The New York Times‘ Guy Trebay spent the afternoon with The Trocks as the company prepared for an evening performance at The Joyce. Take a look at some of the images The New York Times captured backstage in this slide show.
And, read Guy’s article in today’s New York Times. An excerpt follows:
“AND a two and an up and a down, and eyes to the back of the room,” Charla Genn said from a perch at stage right at the Joyce Theater in Chelsea. “And a beep, and a ba-ba-ba and a tour jeté and you’re fabulous, you’re marvelous, relax.”
Two hours before evening curtain, Ms. Genn, a company teacher for Les Ballets Trockadero de Monte Carlo, was putting the dancers through their paces. At a word, the group — which moments before had been leaping and pirouetting and teetering en pointe and performing crisp series of sauts de chat and tours jeté that only occasionally gave them the look of someone vaulting a barrel — abruptly hit the off switch that dancers and athletes are able to activate, and slumped for break.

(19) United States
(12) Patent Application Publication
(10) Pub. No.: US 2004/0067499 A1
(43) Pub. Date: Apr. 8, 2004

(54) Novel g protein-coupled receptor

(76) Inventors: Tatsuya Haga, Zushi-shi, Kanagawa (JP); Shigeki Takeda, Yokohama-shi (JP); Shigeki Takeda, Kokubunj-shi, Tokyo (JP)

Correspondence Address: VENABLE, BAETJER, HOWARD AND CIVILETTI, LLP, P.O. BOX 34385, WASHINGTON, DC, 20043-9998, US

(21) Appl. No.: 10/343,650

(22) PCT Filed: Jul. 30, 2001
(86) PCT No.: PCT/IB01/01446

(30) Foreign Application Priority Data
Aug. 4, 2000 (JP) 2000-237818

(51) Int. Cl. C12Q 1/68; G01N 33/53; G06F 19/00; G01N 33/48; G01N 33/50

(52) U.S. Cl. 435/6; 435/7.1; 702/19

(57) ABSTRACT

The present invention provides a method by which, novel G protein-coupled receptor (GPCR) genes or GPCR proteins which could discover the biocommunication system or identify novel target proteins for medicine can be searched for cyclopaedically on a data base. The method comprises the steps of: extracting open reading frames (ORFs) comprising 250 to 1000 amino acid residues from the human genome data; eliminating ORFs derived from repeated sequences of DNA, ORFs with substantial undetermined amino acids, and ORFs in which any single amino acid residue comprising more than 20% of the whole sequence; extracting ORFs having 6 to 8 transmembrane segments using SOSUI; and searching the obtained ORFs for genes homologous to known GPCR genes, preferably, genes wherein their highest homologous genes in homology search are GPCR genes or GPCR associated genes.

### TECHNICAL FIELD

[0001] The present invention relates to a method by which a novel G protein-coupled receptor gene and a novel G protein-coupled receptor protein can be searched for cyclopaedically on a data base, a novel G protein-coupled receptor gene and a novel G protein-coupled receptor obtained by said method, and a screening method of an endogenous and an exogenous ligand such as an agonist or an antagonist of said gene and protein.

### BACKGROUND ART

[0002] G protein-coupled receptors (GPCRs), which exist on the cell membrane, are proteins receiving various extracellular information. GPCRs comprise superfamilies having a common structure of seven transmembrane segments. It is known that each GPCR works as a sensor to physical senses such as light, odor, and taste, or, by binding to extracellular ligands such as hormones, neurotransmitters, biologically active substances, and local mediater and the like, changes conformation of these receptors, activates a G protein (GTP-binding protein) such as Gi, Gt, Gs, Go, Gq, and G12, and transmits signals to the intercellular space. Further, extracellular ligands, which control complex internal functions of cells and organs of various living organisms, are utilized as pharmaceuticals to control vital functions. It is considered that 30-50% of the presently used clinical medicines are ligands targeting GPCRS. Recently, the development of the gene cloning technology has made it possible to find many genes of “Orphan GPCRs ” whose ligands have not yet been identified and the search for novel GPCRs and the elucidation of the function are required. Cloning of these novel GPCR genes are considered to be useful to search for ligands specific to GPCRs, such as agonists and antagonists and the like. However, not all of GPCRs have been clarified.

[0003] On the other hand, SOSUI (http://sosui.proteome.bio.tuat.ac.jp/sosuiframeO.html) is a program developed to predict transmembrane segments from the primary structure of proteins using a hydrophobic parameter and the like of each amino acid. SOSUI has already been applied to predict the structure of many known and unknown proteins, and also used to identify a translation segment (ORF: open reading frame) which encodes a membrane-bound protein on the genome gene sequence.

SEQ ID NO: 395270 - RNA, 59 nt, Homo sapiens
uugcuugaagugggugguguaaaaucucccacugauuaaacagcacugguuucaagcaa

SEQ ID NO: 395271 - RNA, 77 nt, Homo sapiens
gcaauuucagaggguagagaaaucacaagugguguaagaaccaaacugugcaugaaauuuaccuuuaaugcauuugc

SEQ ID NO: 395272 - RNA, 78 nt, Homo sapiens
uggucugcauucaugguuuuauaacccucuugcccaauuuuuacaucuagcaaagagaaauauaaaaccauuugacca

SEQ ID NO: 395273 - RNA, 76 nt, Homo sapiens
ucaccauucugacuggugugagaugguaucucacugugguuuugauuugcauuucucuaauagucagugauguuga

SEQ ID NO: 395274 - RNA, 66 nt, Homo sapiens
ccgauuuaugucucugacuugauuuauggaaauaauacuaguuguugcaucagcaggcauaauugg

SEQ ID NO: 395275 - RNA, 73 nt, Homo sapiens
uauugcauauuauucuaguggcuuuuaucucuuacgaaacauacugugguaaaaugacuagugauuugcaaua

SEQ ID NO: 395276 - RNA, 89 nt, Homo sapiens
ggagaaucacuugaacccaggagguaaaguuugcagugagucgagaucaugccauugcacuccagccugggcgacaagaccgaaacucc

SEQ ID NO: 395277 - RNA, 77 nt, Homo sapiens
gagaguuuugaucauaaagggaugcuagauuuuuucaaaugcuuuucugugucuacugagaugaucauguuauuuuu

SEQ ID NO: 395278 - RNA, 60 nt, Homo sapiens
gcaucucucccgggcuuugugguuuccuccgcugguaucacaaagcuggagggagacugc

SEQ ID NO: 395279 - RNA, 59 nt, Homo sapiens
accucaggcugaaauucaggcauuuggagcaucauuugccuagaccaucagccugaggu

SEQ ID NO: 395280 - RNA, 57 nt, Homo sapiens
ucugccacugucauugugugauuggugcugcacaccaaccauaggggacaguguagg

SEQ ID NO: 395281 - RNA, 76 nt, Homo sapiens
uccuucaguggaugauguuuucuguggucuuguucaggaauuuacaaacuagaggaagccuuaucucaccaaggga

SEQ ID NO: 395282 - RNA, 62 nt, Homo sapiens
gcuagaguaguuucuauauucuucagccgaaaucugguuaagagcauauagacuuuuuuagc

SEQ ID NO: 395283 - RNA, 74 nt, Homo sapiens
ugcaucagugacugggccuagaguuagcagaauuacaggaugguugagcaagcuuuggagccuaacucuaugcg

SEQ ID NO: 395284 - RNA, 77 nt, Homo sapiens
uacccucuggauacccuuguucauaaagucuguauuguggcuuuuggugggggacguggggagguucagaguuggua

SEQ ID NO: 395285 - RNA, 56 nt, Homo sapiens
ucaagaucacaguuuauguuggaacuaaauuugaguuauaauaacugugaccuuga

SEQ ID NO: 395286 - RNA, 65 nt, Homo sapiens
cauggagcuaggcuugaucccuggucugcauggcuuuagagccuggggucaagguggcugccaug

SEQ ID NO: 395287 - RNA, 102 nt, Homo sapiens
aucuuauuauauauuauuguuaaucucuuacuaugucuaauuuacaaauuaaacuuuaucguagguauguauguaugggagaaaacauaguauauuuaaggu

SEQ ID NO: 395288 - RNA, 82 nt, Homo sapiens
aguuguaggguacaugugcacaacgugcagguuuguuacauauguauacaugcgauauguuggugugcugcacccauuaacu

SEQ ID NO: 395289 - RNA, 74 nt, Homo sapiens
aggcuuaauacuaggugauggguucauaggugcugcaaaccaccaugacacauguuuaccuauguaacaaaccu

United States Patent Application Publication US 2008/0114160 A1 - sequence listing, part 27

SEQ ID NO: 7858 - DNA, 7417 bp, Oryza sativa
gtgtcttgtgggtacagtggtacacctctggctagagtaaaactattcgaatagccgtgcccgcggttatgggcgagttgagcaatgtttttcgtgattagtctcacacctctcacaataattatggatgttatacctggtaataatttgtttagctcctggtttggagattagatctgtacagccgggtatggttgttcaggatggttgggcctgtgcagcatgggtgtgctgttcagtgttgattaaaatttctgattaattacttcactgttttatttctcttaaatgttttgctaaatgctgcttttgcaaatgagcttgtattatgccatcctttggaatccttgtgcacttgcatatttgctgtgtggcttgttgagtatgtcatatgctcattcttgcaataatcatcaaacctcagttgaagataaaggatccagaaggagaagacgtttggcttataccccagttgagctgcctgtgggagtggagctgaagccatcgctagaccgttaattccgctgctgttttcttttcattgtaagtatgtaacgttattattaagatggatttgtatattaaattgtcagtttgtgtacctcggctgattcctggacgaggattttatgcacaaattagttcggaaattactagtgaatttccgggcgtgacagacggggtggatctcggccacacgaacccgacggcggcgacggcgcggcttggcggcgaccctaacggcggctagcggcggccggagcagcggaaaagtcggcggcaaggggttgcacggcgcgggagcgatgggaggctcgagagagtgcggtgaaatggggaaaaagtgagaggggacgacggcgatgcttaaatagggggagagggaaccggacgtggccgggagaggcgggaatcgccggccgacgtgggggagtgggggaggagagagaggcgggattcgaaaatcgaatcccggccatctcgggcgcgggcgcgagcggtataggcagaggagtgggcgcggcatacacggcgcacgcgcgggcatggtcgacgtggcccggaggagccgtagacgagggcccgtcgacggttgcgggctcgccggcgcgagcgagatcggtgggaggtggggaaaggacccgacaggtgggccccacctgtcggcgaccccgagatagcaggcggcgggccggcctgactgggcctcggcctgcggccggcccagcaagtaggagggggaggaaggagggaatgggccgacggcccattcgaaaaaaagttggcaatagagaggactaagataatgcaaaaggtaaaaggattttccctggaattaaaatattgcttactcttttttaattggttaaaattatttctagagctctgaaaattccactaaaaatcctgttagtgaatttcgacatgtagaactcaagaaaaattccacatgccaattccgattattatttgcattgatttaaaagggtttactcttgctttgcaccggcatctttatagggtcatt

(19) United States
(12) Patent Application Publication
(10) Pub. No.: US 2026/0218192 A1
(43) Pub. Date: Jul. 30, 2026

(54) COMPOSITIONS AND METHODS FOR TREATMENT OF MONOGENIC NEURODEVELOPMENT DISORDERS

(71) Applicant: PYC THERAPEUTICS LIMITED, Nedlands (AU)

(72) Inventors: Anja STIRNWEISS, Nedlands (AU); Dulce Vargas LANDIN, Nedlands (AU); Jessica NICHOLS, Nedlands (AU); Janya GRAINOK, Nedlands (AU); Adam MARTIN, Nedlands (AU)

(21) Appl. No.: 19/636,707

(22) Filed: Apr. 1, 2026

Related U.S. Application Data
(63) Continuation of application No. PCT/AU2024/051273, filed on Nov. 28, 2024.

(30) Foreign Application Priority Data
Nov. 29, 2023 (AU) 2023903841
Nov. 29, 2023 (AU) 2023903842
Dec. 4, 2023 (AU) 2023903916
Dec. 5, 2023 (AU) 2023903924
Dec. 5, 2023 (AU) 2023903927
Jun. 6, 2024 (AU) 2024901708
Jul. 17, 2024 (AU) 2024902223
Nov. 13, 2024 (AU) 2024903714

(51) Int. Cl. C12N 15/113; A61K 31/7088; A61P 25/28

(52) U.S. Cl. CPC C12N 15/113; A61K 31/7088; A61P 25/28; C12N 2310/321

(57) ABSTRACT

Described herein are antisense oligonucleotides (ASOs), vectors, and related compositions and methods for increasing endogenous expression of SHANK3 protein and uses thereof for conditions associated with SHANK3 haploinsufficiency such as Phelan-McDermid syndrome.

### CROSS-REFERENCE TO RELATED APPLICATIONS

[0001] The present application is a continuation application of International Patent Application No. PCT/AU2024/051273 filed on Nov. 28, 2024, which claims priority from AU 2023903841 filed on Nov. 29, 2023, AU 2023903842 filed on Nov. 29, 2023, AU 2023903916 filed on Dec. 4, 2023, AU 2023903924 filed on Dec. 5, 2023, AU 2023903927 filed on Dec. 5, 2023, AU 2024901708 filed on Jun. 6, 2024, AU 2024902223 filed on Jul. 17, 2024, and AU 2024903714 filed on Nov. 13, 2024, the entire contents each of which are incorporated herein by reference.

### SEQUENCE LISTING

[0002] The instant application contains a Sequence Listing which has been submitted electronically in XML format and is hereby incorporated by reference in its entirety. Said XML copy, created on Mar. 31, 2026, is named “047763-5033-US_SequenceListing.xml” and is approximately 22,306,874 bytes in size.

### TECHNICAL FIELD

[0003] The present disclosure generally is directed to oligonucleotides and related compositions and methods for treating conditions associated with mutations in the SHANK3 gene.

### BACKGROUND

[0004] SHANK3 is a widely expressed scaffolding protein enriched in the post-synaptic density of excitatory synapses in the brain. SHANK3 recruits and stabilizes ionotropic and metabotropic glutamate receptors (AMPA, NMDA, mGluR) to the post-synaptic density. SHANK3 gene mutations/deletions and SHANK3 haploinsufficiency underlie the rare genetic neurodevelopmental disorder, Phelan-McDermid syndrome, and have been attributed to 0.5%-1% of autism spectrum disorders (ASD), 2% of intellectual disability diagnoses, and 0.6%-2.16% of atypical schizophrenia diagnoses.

“Don’t get too comfortable,” Tory Dobrin, the company’s artistic director, instructed the assembled ballerinas. “Enjoy your five minutes, and then come back in your tutus and no wigs.”
Slipping on leg warmers and sweatshirts, the dancers then hustled toward the wings, as motley an assortment of ballerinas — tall ones, short ones, stocky ones, thin ones, smooth and also hairy-chested ones — as you are ever likely to see assembled onstage. That is intentional, of course. All of the dancers in the Trocks, as the company is known, are men.
The Trocks’ gimmick, which has kept it together and dancing to sold-out houses for decades, is an affectionate travesty that skewers the famed Russian ballets, with their noble repertories and knife-edge technique, and equally the bulldozer ballerinas who would smilingly cold-cock any corps member audacious enough to block the sightline of a fouetté.
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